It certainly was early enough to get scolded by still slumbering parents, but we wanted to be well enmeshed among the steel girders which would nest us preposterously, dangerously close to the first passing train of the day. This meant we had to be there beforesix a.m.and so Tommy and I were always first to arrive.
I loved that bridge. I loved the beauty of its’ derelict state. I fantasized I had built it. It appeared a lost sculpture, overgrown, discarded; pieced together with scraps and slime. Graceful and colloquial it stood decades forlorn, becoming at times vestigial, and a neglected ghost. It had been unsafe for years and would shake violently, thudding loudly as cars passed overhead. Vehicles approached blindly from opposing directions. Both halted at the base of its’ steep and graceful arch. The fluid line of this tiny overpass in my eye, made our bridge beautiful and unique. The sharp incline it created and the fact that two cars could not pass at the same time made it dangerously irksome.
Approaching cars would begin blowing their horns violently and inch carefully up and forward. He who crested first would pass, the other backed down and out of the way. It could take a while for this ritual to conclude. This melee’ drove us nuts! We laughed out loud at the ridiculousness of it all. We would crow at the top our lungs at this and with the passing of the trains. Our childish obscenities could be heard for quite some distance around. “Shhhhhhit”, we would bellow! A childish “Holy Shhhhhhit” or “fuck”, told the world we were delirious in our delight, fear and sense of accomplishment. One would think we had climbed theHimalayas! I wonder now, how many people knew it was us there below?
Scurrying up, we entwined ourselves among pilings and girders. They had been larded copiously with a tar like substance called creosote. It reeked to the point of headache, left us covered from legs to cranium with clots of unpleasant, sticky resin ultimately finding a nesting place in my luxurious golden curls. Black smears would be savagely scrubbed from me by my Grandmother brandishing a course rag and a jar of kerosene taken from the two giant drums out back of the house. Well scolded and schooled about toxic creosote and the dangers at the bridge, she trusted we would have enough sense to stay away. The bridge drew us as though possessed. The community could witness neighborhood kids swinging there, goofing around and chattering like so many animated monkeys in a distant jungle. Dozens of fantastical adventures hatched there over the next several years.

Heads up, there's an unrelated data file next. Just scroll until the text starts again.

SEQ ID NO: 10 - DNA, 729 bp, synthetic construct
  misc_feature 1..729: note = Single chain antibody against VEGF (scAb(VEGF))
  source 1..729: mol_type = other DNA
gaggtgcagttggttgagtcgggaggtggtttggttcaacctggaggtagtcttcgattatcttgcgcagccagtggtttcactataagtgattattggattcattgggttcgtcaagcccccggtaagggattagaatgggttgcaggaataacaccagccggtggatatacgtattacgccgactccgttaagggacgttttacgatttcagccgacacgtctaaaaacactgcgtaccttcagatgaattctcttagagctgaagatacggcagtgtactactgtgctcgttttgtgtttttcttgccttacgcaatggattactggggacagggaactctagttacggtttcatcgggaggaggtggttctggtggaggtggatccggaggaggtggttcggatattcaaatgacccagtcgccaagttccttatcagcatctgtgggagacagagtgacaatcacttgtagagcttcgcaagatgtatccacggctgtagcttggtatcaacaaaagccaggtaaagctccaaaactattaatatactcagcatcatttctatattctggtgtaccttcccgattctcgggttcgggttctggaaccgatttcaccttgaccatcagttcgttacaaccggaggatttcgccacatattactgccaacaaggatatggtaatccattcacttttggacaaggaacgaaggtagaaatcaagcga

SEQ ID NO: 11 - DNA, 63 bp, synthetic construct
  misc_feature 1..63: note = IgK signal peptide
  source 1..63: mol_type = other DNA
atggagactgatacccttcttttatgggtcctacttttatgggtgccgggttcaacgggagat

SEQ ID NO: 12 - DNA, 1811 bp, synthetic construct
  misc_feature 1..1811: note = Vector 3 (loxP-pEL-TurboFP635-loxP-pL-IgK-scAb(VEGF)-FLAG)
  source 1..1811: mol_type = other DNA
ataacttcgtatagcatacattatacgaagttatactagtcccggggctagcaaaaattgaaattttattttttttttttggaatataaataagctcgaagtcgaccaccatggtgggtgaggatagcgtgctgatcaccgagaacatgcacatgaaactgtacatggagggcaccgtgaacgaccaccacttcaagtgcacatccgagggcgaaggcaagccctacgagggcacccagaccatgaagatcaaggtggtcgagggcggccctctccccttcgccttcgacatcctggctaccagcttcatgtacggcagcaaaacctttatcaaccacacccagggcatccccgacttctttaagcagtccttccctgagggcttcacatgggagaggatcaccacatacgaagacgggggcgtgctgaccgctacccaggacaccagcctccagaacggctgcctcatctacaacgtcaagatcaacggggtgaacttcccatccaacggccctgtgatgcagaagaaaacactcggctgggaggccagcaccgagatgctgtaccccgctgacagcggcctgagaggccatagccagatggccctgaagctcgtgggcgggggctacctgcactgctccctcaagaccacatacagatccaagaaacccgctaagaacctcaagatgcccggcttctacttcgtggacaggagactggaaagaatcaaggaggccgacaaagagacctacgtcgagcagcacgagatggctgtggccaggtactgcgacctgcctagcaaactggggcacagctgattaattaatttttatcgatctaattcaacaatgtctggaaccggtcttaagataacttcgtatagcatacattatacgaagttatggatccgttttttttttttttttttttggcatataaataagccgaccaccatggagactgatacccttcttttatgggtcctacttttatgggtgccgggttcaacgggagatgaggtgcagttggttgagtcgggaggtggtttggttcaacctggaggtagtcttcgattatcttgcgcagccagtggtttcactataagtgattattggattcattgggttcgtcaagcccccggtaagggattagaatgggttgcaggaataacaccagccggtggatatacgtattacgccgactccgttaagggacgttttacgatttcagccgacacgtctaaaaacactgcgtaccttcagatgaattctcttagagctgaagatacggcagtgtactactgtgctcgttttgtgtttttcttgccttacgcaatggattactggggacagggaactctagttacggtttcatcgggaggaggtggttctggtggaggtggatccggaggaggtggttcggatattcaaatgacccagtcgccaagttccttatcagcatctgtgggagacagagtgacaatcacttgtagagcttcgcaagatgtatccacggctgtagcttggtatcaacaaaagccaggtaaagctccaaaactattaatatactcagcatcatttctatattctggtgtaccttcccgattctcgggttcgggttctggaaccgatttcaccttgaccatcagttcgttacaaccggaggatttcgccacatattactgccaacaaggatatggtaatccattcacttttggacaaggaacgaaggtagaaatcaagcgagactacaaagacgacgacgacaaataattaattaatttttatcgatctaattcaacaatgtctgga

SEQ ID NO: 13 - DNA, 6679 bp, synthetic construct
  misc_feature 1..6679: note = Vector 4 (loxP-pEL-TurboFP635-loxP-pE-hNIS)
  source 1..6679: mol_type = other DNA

The train was passing and due to the narrow width of the bridge we were within a few feet of the raging, steel engine. Initially Tommy tried to pee on it then, panicked at the sight of horrified passengers zipping by in a comic silent film. Wetting his front he shouted, “Fuck this” while bumbling with his crotch. I was afraid any movement would cause this monstrous, metal beast to tear a limb or drag us under. Adrenaline rushes hit in waves. Rancid air assaulted as it passed. It reached out to ensnare us. The wake hit us with velocity and ferocity forcing our eyes closed. It tugged viciously on our clothes and hair. Scathing cinders burned our skin and nose, sucking breath from our lungs. These old diesel trains billowed massive plumes of acrid, gray smoke from their outdated, cartoon like stacks. Anxious laughs drew poison and led to ferocious coughing fits. The train passed. It was quite some time before we climbing down, while cursing a “blue streak”. Deeply shaken, yet “Roosters of the Walk”, we would tell proudly of this adventure to incredulous lads and lasses who would then clamor to become “Intrepid Adventurers” like us!
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